Dealing with Patellar Luxation in Dogshealth
Patellar luxation is a condition that affects the knee joint of dogs and can cause pain, lameness, and other problems. The knee joint is made up of three bones: the thigh bone (femur), the shin bone (tibia), and the knee cap (patella). In a healthy joint, the patella sits in a groove on the end of the femur and slides smoothly as the dog moves.
Cause of Patellar Luxation
However, in dogs with patellar luxation, the knee cap becomes unstable and can slip out of place. This can happen on one or both hind legs and can occur suddenly or gradually over time. The severity of the luxation can vary, ranging from mild to severe, and can affect the dog's ability to walk and perform normal activities.
There are several factors that can contribute to the development of patellar luxation, including:
- Genetics: Some breeds of dogs, such as Pomeranians and Chihuahuas, are more prone to this condition due to their conformation.
- Trauma: Accidents or injuries that affect the knee joint can increase the risk of patellar luxation.
- Overuse: Repetitive jumping, running, or playing can put excessive stress on the knee joint, leading to instability.
Early Signs and Symptoms
The early signs of patellar luxation may include:
- Lameness: This can range from mild to severe, depending on the severity of the luxation.
- Skipping: The dog may start to skip or hop on the affected leg, trying to compensate for the pain.
- Weakness: Over time, the affected leg may become weaker, leading to an obvious limp even when walking at a slow pace.
Diagnosis and Treatment
If you suspect your dog may have patellar luxation, it's important to seek veterinary care as soon as possible. The vet will perform a physical examination and may take X-rays to confirm the diagnosis. In some cases, surgical intervention may be necessary to correct the problem and alleviate pain.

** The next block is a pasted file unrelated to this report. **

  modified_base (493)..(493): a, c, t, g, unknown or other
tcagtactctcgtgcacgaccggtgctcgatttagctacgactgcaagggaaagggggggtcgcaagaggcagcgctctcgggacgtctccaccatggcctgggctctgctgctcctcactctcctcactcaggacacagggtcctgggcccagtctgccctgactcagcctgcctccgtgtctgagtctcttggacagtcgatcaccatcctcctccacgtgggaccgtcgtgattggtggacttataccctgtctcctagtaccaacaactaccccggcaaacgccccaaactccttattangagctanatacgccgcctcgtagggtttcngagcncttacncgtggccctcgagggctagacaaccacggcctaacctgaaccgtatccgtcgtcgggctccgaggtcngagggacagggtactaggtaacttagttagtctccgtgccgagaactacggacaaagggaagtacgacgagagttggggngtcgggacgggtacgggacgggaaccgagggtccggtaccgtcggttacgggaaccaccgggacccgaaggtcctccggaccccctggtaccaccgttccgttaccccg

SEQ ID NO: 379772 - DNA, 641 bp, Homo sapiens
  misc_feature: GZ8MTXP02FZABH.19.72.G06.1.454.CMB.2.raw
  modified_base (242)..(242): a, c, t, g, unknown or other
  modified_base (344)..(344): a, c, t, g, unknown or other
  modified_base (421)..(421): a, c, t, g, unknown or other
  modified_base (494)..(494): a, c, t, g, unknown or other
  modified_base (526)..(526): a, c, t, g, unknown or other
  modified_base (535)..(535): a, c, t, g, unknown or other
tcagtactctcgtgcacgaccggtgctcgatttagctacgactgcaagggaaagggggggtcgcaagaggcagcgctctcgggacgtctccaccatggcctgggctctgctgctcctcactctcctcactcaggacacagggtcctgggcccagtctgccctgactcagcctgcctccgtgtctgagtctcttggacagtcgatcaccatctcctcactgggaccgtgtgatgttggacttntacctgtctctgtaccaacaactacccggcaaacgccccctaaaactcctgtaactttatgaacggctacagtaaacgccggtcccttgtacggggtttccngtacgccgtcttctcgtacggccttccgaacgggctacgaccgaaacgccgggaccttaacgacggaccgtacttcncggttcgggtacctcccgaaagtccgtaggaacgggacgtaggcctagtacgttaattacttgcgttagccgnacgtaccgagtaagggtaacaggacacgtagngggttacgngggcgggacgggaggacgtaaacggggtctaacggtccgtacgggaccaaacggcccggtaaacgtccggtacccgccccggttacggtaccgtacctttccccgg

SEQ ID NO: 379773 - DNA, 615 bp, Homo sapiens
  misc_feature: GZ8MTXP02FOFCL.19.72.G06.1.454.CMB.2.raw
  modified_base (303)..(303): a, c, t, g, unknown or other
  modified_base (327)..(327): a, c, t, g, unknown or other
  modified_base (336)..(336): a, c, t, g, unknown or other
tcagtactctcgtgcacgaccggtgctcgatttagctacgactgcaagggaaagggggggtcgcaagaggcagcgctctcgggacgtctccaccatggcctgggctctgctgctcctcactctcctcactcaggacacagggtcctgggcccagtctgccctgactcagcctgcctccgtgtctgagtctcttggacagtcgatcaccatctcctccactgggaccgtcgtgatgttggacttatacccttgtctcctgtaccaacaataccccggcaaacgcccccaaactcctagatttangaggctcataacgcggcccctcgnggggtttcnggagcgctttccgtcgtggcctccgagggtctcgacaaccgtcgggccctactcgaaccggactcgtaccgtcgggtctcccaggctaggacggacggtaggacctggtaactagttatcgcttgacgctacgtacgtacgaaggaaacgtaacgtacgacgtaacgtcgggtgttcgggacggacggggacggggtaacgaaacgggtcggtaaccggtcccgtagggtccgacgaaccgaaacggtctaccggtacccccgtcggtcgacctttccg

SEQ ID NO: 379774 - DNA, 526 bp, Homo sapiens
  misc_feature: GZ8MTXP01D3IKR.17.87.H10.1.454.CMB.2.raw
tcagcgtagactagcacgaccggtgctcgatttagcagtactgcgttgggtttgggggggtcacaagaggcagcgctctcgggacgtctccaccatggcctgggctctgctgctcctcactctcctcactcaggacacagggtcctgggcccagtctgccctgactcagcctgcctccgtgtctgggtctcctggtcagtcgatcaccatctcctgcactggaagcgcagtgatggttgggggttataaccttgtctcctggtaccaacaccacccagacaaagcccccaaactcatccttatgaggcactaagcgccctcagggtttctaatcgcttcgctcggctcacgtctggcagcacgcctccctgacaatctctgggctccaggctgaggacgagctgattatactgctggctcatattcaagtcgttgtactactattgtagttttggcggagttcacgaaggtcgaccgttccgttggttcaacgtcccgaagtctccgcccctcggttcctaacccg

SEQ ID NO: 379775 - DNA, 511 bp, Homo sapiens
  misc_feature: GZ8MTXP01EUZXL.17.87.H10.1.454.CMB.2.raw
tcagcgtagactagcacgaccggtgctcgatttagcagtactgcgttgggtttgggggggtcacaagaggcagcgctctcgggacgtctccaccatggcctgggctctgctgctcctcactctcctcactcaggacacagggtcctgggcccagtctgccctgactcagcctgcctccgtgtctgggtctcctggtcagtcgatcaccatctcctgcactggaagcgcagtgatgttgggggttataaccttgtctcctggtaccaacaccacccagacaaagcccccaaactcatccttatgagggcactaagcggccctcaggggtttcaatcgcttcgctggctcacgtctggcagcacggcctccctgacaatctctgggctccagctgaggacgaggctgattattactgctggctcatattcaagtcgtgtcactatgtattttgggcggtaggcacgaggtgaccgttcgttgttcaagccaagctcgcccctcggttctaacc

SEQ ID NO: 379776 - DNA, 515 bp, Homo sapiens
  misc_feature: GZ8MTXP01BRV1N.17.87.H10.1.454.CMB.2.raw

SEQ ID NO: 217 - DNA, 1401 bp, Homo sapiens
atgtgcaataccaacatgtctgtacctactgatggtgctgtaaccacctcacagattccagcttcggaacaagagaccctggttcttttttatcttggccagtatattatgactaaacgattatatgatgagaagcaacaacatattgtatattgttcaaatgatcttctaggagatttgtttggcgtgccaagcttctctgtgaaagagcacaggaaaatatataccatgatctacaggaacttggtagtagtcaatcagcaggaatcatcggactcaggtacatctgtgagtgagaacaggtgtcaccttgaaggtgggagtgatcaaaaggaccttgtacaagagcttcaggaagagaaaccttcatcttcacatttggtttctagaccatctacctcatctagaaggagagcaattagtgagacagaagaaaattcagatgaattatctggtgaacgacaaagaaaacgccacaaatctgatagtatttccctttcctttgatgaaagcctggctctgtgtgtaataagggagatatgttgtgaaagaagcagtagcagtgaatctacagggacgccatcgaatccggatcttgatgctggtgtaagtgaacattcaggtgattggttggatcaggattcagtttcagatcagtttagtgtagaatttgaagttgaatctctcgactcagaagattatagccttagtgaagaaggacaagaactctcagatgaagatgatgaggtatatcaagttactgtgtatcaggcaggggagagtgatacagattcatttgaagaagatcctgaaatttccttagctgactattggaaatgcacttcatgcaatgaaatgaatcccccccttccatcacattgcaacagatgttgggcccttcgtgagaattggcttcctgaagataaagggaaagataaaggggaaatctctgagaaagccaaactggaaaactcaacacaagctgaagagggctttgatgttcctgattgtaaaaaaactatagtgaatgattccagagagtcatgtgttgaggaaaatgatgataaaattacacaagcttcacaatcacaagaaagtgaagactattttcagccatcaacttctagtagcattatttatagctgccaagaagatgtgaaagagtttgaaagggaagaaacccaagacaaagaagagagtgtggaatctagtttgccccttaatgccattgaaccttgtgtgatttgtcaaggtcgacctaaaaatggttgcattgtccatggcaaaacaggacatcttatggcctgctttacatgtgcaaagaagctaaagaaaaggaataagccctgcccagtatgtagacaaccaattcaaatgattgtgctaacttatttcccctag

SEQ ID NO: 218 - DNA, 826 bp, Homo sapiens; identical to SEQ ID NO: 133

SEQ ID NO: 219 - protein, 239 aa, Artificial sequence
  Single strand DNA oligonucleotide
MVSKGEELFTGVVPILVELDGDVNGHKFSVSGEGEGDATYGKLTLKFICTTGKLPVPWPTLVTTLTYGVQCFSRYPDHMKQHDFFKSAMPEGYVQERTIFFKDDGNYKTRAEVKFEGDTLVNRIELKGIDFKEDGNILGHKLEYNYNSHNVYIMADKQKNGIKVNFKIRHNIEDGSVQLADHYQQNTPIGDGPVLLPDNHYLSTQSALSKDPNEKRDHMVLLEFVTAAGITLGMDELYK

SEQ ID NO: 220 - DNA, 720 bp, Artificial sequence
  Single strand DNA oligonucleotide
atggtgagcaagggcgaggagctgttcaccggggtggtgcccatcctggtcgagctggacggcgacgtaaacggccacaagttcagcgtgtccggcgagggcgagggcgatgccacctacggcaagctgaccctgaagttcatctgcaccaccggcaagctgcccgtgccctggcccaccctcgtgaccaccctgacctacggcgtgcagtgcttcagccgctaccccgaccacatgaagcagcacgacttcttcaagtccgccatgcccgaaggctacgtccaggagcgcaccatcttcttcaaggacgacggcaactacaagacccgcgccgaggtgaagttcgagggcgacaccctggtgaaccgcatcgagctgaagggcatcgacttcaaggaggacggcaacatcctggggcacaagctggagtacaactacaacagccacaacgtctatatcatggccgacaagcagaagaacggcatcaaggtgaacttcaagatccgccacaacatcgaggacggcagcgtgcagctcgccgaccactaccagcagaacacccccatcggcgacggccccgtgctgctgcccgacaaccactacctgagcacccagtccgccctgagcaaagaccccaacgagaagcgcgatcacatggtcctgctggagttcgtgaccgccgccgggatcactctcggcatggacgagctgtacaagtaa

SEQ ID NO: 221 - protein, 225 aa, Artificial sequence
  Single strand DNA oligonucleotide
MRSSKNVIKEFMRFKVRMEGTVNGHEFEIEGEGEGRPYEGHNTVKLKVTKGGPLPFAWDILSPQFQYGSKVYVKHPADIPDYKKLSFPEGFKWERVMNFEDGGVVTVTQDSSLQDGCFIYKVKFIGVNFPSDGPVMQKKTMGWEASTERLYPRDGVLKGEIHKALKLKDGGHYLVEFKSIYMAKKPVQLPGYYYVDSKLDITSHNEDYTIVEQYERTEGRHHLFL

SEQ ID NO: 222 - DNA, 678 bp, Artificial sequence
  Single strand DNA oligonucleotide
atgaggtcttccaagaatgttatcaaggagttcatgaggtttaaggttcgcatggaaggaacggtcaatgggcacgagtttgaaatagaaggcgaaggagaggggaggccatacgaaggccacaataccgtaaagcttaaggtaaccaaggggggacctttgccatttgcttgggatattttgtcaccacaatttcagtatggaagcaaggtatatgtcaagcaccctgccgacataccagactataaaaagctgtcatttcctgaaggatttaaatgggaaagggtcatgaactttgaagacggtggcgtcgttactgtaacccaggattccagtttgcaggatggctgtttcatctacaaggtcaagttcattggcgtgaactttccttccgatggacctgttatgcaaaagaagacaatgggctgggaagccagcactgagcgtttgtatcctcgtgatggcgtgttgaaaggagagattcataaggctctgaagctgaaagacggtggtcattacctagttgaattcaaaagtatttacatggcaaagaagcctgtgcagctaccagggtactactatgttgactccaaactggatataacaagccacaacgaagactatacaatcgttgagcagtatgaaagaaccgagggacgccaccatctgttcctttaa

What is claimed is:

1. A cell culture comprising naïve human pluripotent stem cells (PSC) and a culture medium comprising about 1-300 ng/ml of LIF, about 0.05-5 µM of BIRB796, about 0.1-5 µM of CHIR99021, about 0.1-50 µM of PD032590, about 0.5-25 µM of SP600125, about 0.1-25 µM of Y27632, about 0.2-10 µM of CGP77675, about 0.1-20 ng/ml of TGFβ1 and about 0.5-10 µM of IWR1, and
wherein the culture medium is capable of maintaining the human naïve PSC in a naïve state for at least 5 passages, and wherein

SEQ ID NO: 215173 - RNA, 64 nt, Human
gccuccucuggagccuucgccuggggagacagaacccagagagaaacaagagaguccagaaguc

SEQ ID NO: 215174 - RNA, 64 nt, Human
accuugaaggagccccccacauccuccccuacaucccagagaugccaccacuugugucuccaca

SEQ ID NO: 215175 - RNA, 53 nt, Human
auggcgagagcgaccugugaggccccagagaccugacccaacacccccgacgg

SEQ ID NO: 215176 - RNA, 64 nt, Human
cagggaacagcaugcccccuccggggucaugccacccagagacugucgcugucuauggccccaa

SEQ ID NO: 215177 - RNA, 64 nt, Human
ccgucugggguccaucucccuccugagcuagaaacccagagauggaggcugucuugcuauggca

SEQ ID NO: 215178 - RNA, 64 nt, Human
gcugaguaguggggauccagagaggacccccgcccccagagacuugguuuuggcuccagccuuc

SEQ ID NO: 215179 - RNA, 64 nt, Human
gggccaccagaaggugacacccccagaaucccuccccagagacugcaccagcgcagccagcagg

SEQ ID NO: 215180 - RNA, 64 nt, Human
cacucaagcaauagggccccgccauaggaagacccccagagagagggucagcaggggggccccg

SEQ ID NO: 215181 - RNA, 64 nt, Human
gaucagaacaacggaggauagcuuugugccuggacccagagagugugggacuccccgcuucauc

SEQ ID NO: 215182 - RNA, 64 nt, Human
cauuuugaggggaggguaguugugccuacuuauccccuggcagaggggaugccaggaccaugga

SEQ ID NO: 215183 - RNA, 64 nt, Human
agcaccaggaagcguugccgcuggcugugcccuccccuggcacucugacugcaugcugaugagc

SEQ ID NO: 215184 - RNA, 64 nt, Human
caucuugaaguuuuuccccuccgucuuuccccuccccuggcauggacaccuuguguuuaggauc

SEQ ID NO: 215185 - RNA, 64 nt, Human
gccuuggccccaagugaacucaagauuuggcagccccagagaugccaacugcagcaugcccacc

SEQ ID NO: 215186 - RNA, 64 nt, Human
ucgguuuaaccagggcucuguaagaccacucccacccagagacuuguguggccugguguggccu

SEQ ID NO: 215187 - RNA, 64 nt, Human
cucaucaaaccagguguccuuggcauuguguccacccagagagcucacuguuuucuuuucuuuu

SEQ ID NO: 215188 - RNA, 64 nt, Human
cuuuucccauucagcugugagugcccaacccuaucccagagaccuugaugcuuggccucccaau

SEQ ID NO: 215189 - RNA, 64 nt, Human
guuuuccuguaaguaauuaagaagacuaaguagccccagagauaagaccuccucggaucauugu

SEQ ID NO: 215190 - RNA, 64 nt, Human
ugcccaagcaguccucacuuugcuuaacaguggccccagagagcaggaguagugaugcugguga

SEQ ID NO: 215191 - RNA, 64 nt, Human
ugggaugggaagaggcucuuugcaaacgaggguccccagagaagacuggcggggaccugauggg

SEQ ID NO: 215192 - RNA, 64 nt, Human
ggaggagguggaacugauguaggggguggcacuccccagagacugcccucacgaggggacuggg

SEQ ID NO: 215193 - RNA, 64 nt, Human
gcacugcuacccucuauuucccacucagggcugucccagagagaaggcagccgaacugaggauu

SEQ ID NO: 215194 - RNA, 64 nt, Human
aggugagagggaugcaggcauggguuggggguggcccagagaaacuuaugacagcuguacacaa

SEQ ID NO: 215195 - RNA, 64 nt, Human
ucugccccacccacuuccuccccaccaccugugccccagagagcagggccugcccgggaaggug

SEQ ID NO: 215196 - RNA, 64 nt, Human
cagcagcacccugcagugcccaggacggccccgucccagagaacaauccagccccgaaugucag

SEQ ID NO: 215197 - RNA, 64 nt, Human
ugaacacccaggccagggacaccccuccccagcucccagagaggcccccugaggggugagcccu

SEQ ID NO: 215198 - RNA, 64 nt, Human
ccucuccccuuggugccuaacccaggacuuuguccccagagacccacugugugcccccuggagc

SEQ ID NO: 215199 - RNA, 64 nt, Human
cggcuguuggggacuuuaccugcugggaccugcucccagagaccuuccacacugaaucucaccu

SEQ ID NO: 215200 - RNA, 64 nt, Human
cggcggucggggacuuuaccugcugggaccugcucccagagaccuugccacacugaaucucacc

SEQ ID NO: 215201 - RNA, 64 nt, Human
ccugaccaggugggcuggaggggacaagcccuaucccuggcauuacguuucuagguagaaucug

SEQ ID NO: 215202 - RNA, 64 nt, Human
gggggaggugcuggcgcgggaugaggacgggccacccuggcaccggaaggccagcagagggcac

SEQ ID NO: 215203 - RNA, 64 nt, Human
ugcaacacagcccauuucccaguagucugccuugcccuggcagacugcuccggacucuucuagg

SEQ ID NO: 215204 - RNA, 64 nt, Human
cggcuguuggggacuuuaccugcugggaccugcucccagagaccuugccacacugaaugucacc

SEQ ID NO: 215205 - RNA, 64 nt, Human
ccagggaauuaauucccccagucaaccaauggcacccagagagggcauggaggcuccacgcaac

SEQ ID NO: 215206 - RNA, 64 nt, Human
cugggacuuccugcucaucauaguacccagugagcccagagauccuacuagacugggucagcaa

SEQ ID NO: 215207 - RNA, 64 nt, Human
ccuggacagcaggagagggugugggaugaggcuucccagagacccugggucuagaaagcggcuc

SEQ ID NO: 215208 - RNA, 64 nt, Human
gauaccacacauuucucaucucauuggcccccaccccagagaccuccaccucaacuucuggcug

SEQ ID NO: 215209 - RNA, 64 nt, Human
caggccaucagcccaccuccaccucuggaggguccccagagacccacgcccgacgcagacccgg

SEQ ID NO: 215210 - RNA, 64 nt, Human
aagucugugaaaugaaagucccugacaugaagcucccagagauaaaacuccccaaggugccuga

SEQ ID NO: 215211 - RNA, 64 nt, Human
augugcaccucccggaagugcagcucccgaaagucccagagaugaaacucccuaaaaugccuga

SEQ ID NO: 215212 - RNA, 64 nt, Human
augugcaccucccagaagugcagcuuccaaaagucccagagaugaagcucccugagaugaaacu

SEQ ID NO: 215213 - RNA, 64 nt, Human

In addition to surgery, other treatments for patellar luxation may include:
- Medication: Anti-inflammatory drugs can help reduce pain and swelling in the knee joint.
- Physical therapy: Gentle exercises and stretches can help improve joint mobility and strength.
- Weight management: Maintaining a healthy weight can reduce the stress on the knee joint and slow the progression of the condition.
Prevention and Prognosis
Prevention is key when it comes to patellar luxation. While there is no surefire way to prevent this condition, there are steps you can take to reduce the risk, including:
- Avoiding excessive jumping: Limit the amount of jumping and stair-climbing your dog does, especially if they are a small breed.
- Maintaining a healthy weight: Keeping your dog at a healthy weight can reduce the stress on their knees and prevent the progression of the condition.
- Regular check-ups: Regular veterinary check-ups can catch any early signs of trouble, allowing for prompt treatment.
Patellar luxation can be a painful and debilitating condition for dogs, but with proper care and attention, it can be managed. If you suspect your dog may be affected, don't hesitate to seek veterinary care. With the right treatment and support, your furry friend can lead a happy, healthy life.